Current Tax Brackets

Before you go, we thought you'd like these...
Before you go close icon
For 2008, the six income tax rates for individual taxpayers are 10%, 15%, 25%, 28%, 33%, and 35%.
In addition to cutting tax rates, the Economic Growth and Tax Relief Reconciliation Act (EGTRRA) of 2001 created the 10% tax bracket for lower incomes.
In 2007 for single taxpayers and married persons filing a separate return, the first $8,025 of income is taxed at this rate. For married persons filing a joint return, the first $16,050 is taxed at 10%. For persons filing as head of household, the first $11,450 is taxed at the 10% rate.
It helps to think of your tax rate in terms of a marginal tax rate. This is the tax rate on the last dollar of income that you earned. As your taxable income increases, you are taxed at a higher tax rate as a result of being bumped into a higher income tax bracket.
The following tables show the cutoff points in taxable income for 2008 that mark each income tax bracket:
Table A: Single tax return:
If taxable
income is:
Amount of tax
that you owe is:
More than:However, not over:This amount
(or %)
plus % of:
Amount over:
$0
$7,55010%--
$8,025$32,550$803 + 15% $8,025
$32,550
$78,850$4,481 + 25% $32,550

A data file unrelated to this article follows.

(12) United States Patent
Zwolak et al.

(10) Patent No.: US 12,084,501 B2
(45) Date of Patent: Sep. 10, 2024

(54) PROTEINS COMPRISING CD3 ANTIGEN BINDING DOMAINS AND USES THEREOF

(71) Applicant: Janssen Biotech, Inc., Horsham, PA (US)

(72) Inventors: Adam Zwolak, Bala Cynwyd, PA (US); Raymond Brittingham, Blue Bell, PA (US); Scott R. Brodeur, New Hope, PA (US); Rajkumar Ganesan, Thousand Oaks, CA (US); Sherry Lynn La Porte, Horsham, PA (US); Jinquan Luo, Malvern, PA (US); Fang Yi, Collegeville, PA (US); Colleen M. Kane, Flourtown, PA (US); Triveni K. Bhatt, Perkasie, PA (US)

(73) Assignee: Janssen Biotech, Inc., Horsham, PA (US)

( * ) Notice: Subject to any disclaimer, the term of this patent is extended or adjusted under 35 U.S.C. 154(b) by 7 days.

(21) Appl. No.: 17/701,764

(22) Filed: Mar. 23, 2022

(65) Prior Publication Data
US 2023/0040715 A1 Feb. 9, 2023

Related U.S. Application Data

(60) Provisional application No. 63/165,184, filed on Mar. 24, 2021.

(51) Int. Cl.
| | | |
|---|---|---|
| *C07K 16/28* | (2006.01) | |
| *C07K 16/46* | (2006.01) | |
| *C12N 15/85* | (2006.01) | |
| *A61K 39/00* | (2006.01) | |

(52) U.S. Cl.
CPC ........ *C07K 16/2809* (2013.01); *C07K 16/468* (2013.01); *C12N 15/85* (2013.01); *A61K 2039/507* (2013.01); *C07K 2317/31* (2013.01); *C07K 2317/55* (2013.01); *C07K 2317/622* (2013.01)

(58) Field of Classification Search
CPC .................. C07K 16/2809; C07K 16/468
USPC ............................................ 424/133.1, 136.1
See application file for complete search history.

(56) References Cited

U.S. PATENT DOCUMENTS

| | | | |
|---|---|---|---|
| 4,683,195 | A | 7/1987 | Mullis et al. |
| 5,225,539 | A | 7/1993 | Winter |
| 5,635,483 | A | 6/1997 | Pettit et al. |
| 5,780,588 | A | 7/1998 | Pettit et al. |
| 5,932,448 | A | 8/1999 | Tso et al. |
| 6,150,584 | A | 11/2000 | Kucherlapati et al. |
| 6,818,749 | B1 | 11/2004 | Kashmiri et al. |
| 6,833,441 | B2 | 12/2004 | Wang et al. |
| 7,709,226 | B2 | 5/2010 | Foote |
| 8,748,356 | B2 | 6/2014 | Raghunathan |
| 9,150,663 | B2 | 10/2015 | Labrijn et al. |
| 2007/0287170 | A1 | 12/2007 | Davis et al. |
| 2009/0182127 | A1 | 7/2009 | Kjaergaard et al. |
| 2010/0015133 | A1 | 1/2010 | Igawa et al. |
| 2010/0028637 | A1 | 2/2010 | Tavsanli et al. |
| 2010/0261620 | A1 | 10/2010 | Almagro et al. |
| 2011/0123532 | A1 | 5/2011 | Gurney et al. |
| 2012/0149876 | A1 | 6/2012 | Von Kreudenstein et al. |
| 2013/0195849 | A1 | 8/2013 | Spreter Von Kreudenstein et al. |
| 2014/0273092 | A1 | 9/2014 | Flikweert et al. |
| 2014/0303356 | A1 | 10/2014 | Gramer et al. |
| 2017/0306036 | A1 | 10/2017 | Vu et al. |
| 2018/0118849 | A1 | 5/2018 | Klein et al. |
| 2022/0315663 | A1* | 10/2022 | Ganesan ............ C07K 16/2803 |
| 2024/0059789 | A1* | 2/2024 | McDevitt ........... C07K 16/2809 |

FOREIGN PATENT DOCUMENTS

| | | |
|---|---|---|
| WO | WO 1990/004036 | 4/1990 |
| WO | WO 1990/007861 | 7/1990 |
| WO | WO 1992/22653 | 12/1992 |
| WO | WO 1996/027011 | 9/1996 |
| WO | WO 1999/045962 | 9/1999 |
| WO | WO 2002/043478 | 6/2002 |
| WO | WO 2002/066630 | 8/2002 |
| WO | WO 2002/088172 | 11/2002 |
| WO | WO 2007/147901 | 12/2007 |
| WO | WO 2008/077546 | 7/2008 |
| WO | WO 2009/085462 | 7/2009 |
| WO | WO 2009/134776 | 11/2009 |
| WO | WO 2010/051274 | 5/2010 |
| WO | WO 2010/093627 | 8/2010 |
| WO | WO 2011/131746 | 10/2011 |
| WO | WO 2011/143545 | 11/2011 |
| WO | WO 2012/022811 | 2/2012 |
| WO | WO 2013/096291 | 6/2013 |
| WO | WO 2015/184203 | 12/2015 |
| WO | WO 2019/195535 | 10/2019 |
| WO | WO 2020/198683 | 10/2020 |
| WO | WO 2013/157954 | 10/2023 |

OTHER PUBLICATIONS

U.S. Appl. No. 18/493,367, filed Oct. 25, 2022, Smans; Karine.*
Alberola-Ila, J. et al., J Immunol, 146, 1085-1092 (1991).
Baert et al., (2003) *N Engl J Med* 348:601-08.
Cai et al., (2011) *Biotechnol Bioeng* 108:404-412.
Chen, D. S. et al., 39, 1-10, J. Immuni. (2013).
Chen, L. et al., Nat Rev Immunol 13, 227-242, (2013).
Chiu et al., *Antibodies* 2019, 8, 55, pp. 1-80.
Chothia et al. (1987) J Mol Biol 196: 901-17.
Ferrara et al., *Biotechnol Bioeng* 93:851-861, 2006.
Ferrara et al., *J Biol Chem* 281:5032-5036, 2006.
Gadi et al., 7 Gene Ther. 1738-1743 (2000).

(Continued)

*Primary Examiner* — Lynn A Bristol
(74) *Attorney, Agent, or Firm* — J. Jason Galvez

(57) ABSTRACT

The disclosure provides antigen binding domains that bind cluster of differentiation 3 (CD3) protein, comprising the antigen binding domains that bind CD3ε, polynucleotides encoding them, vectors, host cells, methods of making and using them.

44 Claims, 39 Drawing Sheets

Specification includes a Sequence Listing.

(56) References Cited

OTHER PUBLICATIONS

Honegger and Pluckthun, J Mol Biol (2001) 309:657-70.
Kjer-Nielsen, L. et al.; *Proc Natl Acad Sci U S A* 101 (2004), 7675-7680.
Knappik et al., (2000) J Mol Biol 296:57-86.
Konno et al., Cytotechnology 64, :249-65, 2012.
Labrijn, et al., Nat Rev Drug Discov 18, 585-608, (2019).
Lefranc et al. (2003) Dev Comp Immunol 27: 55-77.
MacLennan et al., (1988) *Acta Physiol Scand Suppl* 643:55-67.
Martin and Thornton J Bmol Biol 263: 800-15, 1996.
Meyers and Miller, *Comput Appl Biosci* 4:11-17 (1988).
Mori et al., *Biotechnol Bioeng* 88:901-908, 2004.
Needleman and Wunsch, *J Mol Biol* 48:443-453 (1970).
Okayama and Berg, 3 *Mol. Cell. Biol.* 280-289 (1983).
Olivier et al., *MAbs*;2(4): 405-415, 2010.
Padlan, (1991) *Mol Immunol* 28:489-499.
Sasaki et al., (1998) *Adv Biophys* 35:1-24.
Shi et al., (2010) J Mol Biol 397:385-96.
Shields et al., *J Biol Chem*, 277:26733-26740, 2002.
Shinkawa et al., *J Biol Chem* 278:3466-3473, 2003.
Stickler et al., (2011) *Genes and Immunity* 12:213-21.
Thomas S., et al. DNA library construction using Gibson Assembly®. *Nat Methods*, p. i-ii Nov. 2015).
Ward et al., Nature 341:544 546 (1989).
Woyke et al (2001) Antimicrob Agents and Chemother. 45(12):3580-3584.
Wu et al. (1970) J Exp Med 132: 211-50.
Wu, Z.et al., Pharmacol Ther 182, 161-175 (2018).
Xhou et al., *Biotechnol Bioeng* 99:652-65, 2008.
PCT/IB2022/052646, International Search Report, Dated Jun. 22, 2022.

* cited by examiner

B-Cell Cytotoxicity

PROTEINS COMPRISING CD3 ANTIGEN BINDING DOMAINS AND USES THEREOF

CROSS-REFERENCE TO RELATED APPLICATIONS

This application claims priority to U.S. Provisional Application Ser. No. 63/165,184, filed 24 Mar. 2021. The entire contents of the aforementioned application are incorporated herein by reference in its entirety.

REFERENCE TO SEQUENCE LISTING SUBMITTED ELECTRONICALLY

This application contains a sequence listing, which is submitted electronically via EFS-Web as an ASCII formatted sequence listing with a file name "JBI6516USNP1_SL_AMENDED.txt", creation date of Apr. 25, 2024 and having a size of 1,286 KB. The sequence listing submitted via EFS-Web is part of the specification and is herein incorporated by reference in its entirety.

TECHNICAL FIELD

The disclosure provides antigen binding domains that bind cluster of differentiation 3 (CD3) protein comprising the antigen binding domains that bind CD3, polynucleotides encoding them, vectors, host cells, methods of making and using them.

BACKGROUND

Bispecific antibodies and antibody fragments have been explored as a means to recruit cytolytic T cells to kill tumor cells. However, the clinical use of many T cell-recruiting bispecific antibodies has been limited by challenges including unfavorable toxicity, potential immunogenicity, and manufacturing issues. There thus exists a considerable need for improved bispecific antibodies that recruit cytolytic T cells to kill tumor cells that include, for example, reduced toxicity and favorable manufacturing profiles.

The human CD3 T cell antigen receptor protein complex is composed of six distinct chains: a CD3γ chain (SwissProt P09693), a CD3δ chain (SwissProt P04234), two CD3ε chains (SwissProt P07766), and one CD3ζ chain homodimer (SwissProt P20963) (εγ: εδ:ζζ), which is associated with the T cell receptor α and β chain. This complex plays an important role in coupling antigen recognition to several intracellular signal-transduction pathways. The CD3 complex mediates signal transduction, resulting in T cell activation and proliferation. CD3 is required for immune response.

$78,850$164,550$16,056 + 28% $78,850
$164,550$357,700$40,052 + 33%$164,550
$357,700--$103,792 + 35%$357,700

Table B: Married Filing Jointly (MFJ) or Qualifying Widow(er):
If taxable
income is:
Amount of tax
that you owe is:
More than:However, not over:This amount
(or %)
plus % of:
Amount over:
$0
$16,05010%--
$16,050$65,100$1,605 + 15% $16,050
$65,100
$131,450$8,963 + 25%$65,100
$131,450$200,300$25,550 + 28% $131,450
$200,300$357,700$44,828 + 33%$200,300
$357,700--$86,770 + 35%$357,700

Table C: Head of Household tax return:
If taxable
income is:
Amount of tax
that you owe is:
More than:However, not over:This amount
(or %)
plus % of:
Amount over:
$0
$11,45010%--
$11,450$43,650$1,145 + 15% $11,450
$43,650
$112,650$5,975 + 25%$43,650
$112,650$182,400$23,225 + 28% $112,650
$182,400$357,700$44,828 + 33%$200,300
$357,700--$96,770 + 35%$357,700

Table D: Married Filing Separate (MFS) return:
If taxable
income is:
Amount of tax
that you owe is:
More than:However, not over:This amount
(or %)
plus % of:
Amount over:
$0
$8,02510%--
$8,025$32,550$803 + 15% $8,025
$32,550
$65,725$4,481 + 25%$32,550
$65,725$100,150$12,775 + 28% $65,725
$100,150$178,850$22,414 + 33%$100,150
$178,850--$48,385 + 35%$178,850

For example, say you file a single return and have taxable income of $40,000 in 2008. Using Table A, above, your tax liability would be $4,481 plus 25% of income above $32,550, or $7,450 in your case. That works out to be $1,863 for a total federal income tax liability of $6,344.
To prevent you from being bumped into the next-higher bracket as a result of a cost-of-living wage increase, the IRS adjusts upward the amount of income that can be earned for each tax bracket every year. This phenomenon of being bumped into the next-higher tax bracket is sometimes called "bracket creep."
2008-07-21 17:03:58
Read Full Story

Sign up for Breaking News by AOL to get the latest breaking news alerts and updates delivered straight to your inbox.

Subscribe to our other newsletters

Emails may offer personalized content or ads. Learn more. You may unsubscribe any time.

From Our Partners